The brother of the Manchester Arena suicide bomber was sentenced to at least 55 years in prison for his role in the May 2017 terror attack outside an Ariana Grande concert.
Hashem Abedi, the younger brother of suicide bomber Salman Abedi, was previously convicted of 22 counts of murder for helping to plan the bombing, including ordering and stockpiling the materials used to create the explosive device. Manchester-born Hashem fled to Libya prior to the attack but was extradited back to the U.K. to face trial.
Abedi refused to attend court for his sentencing and to hear victim statements from family members of some of the 22 people killed and hundreds more injured in the blast, the BBC reported.
“The stark reality is, these were atrocious crimes. Large in scale, deadly in intent, appalling in their consequences,” Justice Jeremy Baker said before handing down his sentence. “The despair and desolation of the bereaved families has been palpable.”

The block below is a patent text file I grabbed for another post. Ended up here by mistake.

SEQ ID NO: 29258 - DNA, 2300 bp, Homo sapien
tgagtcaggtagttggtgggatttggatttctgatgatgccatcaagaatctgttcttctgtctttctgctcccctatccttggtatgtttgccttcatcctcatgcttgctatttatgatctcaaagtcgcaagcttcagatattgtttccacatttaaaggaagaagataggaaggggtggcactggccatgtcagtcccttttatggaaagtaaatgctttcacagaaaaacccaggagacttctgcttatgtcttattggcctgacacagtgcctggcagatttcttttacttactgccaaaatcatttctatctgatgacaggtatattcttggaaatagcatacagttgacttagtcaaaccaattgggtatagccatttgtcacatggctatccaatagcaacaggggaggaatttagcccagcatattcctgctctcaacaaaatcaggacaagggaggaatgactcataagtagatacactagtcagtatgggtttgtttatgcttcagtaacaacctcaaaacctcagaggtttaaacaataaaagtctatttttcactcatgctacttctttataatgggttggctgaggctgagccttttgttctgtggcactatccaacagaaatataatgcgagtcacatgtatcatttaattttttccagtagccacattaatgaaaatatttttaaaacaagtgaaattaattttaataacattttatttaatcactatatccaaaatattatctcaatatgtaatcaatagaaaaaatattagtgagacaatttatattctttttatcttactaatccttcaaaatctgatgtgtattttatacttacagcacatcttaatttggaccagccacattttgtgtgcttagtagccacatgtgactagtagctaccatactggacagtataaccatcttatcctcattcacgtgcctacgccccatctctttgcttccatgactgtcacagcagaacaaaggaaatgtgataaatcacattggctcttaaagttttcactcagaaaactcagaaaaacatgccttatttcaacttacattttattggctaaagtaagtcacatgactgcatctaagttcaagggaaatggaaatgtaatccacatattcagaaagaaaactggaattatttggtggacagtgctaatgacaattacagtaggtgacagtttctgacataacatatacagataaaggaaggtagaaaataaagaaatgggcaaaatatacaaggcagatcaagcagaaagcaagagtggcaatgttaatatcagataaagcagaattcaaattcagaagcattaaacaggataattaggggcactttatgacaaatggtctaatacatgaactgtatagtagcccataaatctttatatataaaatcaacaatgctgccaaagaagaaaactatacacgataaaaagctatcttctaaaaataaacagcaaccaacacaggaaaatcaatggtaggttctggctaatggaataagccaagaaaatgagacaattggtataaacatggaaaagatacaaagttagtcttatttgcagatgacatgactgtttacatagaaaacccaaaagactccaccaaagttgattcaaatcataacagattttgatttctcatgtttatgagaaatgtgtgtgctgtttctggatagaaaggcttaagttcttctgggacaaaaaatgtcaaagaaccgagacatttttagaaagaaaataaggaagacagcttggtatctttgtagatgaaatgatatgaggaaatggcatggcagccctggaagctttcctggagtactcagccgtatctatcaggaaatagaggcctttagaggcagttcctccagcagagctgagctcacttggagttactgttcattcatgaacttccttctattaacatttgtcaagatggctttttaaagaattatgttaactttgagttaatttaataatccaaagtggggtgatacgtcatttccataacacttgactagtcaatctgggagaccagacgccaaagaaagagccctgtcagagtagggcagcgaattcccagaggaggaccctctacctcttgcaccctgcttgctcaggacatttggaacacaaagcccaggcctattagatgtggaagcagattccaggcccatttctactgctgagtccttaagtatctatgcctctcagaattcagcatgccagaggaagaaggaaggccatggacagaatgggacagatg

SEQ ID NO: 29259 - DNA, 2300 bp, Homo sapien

Baker added that although Abedi was “just as guilty” as his brother and deserved life in prison because Abedi was under 21 years old at the time of the attack, by law Baker could only give him a minimum 55-year sentence; at that point, Abedi could be considered for parole, but more likely Abedi “may never be released.”
Manchester mayor Andy Burnham said of Abedi and his act of “pure evil”: “This attack on our city and everything it represents caused untold misery. But ultimately it failed. It was meant to divide us but it only brought us closer together.”
“The Manchester Arena attack was a horrifying and cowardly act of violence which targeted children and families,” Prime Minister Boris Johnson tweeted Thursday. “Today’s sentencing is an opportunity to reflect on the importance of tolerance, community and kindness — values which are fundamental to our country, and which we saw in Manchester in the face of unimaginable tragedy.”